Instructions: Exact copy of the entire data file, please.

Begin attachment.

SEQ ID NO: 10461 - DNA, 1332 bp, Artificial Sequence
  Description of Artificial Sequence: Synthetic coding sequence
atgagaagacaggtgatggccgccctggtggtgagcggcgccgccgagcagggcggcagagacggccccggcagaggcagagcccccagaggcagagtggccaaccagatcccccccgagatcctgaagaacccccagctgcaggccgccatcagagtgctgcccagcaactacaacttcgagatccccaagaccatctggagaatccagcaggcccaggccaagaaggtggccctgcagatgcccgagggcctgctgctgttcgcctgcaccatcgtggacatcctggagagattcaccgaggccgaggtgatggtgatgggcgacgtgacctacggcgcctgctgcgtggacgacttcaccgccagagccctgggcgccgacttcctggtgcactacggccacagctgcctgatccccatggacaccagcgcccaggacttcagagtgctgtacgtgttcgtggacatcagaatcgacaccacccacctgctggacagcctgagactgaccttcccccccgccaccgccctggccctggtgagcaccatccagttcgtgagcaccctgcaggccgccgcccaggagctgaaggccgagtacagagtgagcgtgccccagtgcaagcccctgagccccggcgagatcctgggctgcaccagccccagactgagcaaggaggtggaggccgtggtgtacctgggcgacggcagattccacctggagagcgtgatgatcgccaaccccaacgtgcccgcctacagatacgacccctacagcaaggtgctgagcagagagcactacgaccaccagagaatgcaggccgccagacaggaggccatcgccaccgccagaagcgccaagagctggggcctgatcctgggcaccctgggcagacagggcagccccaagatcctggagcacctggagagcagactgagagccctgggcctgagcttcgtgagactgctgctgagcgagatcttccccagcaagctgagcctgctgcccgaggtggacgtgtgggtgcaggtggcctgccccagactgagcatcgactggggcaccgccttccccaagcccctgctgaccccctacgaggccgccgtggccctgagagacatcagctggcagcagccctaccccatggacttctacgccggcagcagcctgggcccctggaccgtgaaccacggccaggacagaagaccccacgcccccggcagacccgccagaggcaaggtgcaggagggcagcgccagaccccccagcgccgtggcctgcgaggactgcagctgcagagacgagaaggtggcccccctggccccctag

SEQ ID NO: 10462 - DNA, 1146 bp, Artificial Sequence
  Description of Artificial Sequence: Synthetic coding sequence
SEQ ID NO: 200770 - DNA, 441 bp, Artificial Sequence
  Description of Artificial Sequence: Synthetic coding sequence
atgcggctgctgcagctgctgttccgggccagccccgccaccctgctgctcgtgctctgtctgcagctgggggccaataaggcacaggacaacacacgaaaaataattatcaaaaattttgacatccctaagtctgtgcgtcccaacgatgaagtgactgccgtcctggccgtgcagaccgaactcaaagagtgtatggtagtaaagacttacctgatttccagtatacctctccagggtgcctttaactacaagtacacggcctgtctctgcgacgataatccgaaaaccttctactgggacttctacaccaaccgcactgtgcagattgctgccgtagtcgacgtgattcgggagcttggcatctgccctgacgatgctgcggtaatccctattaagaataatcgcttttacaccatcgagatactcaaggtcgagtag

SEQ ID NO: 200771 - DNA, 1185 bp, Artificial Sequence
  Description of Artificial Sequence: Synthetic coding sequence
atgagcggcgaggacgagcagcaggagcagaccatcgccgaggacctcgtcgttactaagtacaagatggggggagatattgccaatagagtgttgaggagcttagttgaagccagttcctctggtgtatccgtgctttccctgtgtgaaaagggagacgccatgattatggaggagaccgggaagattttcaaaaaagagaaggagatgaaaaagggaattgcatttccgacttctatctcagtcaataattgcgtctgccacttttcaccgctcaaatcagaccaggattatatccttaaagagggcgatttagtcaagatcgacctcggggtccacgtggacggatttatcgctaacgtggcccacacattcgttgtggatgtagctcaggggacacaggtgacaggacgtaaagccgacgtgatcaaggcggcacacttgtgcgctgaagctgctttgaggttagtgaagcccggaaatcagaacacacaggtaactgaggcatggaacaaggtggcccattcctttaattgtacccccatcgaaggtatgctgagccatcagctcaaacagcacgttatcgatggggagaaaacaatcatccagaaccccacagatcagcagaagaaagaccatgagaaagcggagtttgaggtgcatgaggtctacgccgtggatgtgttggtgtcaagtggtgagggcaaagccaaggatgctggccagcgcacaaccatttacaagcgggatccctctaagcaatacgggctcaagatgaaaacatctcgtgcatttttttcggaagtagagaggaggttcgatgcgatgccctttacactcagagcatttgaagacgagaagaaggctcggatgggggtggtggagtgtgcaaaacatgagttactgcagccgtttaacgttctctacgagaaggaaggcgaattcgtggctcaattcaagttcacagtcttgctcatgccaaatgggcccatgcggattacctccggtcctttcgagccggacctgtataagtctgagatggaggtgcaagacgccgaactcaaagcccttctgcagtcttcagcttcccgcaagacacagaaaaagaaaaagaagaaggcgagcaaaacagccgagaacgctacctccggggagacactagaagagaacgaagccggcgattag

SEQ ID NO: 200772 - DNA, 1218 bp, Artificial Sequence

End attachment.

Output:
SEQ ID NO: 10461 - DNA, 1332 bp, Artificial Sequence
  Description of Artificial Sequence: Synthetic coding sequence
atgagaagacaggtgatggccgccctggtggtgagcggcgccgccgagcagggcggcagagacggccccggcagaggcagagcccccagaggcagagtggccaaccagatcccccccgagatcctgaagaacccccagctgcaggccgccatcagagtgctgcccagcaactacaacttcgagatccccaagaccatctggagaatccagcaggcccaggccaagaaggtggccctgcagatgcccgagggcctgctgctgttcgcctgcaccatcgtggacatcctggagagattcaccgaggccgaggtgatggtgatgggcgacgtgacctacggcgcctgctgcgtggacgacttcaccgccagagccctgggcgccgacttcctggtgcactacggccacagctgcctgatccccatggacaccagcgcccaggacttcagagtgctgtacgtgttcgtggacatcagaatcgacaccacccacctgctggacagcctgagactgaccttcccccccgccaccgccctggccctggtgagcaccatccagttcgtgagcaccctgcaggccgccgcccaggagctgaaggccgagtacagagtgagcgtgccccagtgcaagcccctgagccccggcgagatcctgggctgcaccagccccagactgagcaaggaggtggaggccgtggtgtacctgggcgacggcagattccacctggagagcgtgatgatcgccaaccccaacgtgcccgcctacagatacgacccctacagcaaggtgctgagcagagagcactacgaccaccagagaatgcaggccgccagacaggaggccatcgccaccgccagaagcgccaagagctggggcctgatcctgggcaccctgggcagacagggcagccccaagatcctggagcacctggagagcagactgagagccctgggcctgagcttcgtgagactgctgctgagcgagatcttccccagcaagctgagcctgctgcccgaggtggacgtgtgggtgcaggtggcctgccccagactgagcatcgactggggcaccgccttccccaagcccctgctgaccccctacgaggccgccgtggccctgagagacatcagctggcagcagccctaccccatggacttctacgccggcagcagcctgggcccctggaccgtgaaccacggccaggacagaagaccccacgcccccggcagacccgccagaggcaaggtgcaggagggcagcgccagaccccccagcgccgtggcctgcgaggactgcagctgcagagacgagaaggtggcccccctggccccctag

SEQ ID NO: 10462 - DNA, 1146 bp, Artificial Sequence
  Description of Artificial Sequence: Synthetic coding sequence
SEQ ID NO: 200770 - DNA, 441 bp, Artificial Sequence
  Description of Artificial Sequence: Synthetic coding sequence
atgcggctgctgcagctgctgttccgggccagccccgccaccctgctgctcgtgctctgtctgcagctgggggccaataaggcacaggacaacacacgaaaaataattatcaaaaattttgacatccctaagtctgtgcgtcccaacgatgaagtgactgccgtcctggccgtgcagaccgaactcaaagagtgtatggtagtaaagacttacctgatttccagtatacctctccagggtgcctttaactacaagtacacggcctgtctctgcgacgataatccgaaaaccttctactgggacttctacaccaaccgcactgtgcagattgctgccgtagtcgacgtgattcgggagcttggcatctgccctgacgatgctgcggtaatccctattaagaataatcgcttttacaccatcgagatactcaaggtcgagtag

SEQ ID NO: 200771 - DNA, 1185 bp, Artificial Sequence
  Description of Artificial Sequence: Synthetic coding sequence
atgagcggcgaggacgagcagcaggagcagaccatcgccgaggacctcgtcgttactaagtacaagatggggggagatattgccaatagagtgttgaggagcttagttgaagccagttcctctggtgtatccgtgctttccctgtgtgaaaagggagacgccatgattatggaggagaccgggaagattttcaaaaaagagaaggagatgaaaaagggaattgcatttccgacttctatctcagtcaataattgcgtctgccacttttcaccgctcaaatcagaccaggattatatccttaaagagggcgatttagtcaagatcgacctcggggtccacgtggacggatttatcgctaacgtggcccacacattcgttgtggatgtagctcaggggacacaggtgacaggacgtaaagccgacgtgatcaaggcggcacacttgtgcgctgaagctgctttgaggttagtgaagcccggaaatcagaacacacaggtaactgaggcatggaacaaggtggcccattcctttaattgtacccccatcgaaggtatgctgagccatcagctcaaacagcacgttatcgatggggagaaaacaatcatccagaaccccacagatcagcagaagaaagaccatgagaaagcggagtttgaggtgcatgaggtctacgccgtggatgtgttggtgtcaagtggtgagggcaaagccaaggatgctggccagcgcacaaccatttacaagcgggatccctctaagcaatacgggctcaagatgaaaacatctcgtgcatttttttcggaagtagagaggaggttcgatgcgatgccctttacactcagagcatttgaagacgagaagaaggctcggatgggggtggtggagtgtgcaaaacatgagttactgcagccgtttaacgttctctacgagaaggaaggcgaattcgtggctcaattcaagttcacagtcttgctcatgccaaatgggcccatgcggattacctccggtcctttcgagccggacctgtataagtctgagatggaggtgcaagacgccgaactcaaagcccttctgcagtcttcagcttcccgcaagacacagaaaaagaaaaagaagaaggcgagcaaaacagccgagaacgctacctccggggagacactagaagagaacgaagccggcgattag

SEQ ID NO: 200772 - DNA, 1218 bp, Artificial Sequence